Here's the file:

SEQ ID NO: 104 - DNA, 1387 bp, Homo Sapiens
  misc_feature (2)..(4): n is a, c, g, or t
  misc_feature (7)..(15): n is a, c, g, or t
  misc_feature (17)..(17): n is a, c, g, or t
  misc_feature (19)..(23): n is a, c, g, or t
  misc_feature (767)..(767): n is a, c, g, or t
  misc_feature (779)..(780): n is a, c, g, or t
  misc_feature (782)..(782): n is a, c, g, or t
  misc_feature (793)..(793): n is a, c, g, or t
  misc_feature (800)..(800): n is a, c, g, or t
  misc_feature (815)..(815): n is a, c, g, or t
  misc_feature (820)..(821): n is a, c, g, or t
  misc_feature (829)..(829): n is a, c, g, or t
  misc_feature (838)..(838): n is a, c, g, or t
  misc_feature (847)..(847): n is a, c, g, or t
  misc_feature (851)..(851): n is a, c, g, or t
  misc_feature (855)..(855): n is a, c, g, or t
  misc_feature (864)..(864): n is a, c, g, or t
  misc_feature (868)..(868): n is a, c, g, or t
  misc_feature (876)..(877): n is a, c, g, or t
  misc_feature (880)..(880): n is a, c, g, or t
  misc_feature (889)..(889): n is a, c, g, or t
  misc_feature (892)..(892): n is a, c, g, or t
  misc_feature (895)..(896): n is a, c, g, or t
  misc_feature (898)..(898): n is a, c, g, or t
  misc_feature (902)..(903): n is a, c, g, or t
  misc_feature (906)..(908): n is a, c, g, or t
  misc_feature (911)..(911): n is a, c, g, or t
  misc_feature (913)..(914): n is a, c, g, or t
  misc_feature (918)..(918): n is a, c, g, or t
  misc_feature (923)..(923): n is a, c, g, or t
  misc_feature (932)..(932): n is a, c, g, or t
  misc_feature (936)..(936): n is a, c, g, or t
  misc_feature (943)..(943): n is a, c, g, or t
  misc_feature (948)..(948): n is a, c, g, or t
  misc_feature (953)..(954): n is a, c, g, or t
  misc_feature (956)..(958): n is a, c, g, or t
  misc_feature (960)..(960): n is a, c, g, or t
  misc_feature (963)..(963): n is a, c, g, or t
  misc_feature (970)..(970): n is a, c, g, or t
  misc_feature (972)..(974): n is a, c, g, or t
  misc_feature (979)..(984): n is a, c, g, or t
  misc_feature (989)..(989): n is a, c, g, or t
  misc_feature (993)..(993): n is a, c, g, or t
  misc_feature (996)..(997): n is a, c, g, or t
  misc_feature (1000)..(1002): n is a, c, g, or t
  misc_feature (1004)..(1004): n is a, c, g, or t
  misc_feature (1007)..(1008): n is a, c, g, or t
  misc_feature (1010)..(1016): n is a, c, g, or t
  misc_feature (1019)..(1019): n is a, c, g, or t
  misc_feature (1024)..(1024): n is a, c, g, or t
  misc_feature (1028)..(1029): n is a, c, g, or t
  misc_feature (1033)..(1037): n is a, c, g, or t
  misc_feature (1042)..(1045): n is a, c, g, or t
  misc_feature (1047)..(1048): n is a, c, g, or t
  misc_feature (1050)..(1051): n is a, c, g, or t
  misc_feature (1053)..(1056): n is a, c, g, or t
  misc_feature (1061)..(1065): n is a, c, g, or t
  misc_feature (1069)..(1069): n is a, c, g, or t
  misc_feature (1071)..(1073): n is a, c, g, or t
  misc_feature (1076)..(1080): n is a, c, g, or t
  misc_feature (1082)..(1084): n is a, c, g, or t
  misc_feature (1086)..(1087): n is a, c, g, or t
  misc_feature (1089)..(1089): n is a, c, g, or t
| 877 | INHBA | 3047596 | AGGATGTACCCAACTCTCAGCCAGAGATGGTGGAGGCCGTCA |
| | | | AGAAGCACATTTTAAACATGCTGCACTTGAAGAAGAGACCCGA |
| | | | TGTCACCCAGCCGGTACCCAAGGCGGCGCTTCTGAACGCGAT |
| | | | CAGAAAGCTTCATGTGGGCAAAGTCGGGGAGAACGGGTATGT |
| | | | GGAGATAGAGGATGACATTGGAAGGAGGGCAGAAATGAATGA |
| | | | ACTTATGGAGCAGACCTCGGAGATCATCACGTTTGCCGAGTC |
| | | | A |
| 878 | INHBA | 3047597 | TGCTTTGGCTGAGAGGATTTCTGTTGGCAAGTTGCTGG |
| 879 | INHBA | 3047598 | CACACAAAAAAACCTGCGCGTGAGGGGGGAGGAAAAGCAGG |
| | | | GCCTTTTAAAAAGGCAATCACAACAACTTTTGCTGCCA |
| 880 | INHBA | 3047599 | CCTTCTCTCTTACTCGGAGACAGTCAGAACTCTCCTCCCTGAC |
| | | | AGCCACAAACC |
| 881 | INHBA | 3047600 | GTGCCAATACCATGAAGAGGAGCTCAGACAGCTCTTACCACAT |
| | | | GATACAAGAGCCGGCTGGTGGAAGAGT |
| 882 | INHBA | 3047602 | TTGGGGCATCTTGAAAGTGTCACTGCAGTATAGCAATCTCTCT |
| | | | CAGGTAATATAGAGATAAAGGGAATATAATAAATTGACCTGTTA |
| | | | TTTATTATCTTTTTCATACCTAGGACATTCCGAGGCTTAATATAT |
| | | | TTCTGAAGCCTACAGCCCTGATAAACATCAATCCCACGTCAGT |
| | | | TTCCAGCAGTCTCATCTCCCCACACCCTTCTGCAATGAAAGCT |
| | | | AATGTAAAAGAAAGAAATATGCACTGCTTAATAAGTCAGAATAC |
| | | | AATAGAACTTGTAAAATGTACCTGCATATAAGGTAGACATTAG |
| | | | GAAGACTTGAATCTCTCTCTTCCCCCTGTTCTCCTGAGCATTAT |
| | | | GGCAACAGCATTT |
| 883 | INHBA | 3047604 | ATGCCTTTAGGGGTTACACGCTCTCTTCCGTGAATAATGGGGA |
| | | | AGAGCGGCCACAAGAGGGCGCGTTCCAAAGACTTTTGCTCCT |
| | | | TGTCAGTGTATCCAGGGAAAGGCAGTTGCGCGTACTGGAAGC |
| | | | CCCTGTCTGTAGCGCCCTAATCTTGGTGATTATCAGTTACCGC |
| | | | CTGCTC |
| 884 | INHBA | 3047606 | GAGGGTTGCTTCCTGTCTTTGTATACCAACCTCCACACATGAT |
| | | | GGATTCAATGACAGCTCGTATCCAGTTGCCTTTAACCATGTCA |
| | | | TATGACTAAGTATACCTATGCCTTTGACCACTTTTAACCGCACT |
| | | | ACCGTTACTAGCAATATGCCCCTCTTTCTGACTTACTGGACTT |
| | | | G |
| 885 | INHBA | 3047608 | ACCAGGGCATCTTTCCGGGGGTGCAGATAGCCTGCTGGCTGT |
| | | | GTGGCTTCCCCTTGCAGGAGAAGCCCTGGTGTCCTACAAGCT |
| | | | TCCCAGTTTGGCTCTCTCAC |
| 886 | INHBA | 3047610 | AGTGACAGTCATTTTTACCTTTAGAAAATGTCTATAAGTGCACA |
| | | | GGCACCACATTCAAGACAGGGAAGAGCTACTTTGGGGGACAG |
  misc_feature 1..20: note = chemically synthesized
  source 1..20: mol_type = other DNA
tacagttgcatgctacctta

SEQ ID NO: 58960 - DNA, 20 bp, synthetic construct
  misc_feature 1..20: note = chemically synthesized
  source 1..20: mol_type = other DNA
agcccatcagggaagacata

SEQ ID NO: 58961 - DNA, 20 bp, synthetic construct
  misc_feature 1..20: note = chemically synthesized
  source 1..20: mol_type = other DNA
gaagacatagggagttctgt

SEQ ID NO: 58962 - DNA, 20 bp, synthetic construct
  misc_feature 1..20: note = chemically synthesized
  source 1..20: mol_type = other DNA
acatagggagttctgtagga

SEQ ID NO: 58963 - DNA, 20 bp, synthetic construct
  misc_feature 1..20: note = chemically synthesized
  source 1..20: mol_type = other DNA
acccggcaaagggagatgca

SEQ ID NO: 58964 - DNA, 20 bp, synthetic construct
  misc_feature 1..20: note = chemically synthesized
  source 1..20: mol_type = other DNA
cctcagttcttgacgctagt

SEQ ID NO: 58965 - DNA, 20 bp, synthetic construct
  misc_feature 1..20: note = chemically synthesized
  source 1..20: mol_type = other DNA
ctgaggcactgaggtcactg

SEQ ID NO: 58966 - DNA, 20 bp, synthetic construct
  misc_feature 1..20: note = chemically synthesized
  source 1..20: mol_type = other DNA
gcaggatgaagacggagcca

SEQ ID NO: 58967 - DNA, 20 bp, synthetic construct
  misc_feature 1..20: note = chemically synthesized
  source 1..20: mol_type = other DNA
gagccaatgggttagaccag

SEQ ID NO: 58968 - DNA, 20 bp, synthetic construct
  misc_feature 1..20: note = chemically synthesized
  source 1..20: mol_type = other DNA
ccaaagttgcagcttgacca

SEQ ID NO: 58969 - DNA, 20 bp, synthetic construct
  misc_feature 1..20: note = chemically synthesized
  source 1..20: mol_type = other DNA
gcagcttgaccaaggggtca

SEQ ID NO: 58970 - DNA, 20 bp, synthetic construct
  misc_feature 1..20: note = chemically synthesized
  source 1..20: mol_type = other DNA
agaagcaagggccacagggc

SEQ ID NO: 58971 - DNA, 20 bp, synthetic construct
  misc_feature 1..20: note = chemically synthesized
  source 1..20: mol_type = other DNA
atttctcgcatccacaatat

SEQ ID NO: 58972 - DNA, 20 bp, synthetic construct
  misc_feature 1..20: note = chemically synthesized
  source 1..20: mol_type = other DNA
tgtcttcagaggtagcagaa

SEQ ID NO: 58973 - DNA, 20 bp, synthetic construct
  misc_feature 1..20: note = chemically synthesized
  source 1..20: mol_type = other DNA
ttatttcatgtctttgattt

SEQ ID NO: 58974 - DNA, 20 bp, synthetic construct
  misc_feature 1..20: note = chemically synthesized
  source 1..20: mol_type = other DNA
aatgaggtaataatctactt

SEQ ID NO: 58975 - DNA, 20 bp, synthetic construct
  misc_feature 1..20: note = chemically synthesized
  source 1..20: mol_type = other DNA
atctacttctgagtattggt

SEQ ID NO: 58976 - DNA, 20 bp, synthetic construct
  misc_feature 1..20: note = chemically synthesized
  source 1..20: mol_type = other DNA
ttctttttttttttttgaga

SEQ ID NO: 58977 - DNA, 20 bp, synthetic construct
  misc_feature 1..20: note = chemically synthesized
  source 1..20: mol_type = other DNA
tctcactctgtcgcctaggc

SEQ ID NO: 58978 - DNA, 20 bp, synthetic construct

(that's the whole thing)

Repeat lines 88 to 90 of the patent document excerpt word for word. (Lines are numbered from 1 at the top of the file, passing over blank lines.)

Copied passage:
| 883 | INHBA | 3047604 | ATGCCTTTAGGGGTTACACGCTCTCTTCCGTGAATAATGGGGA |
| | | | AGAGCGGCCACAAGAGGGCGCGTTCCAAAGACTTTTGCTCCT |
| | | | TGTCAGTGTATCCAGGGAAAGGCAGTTGCGCGTACTGGAAGC |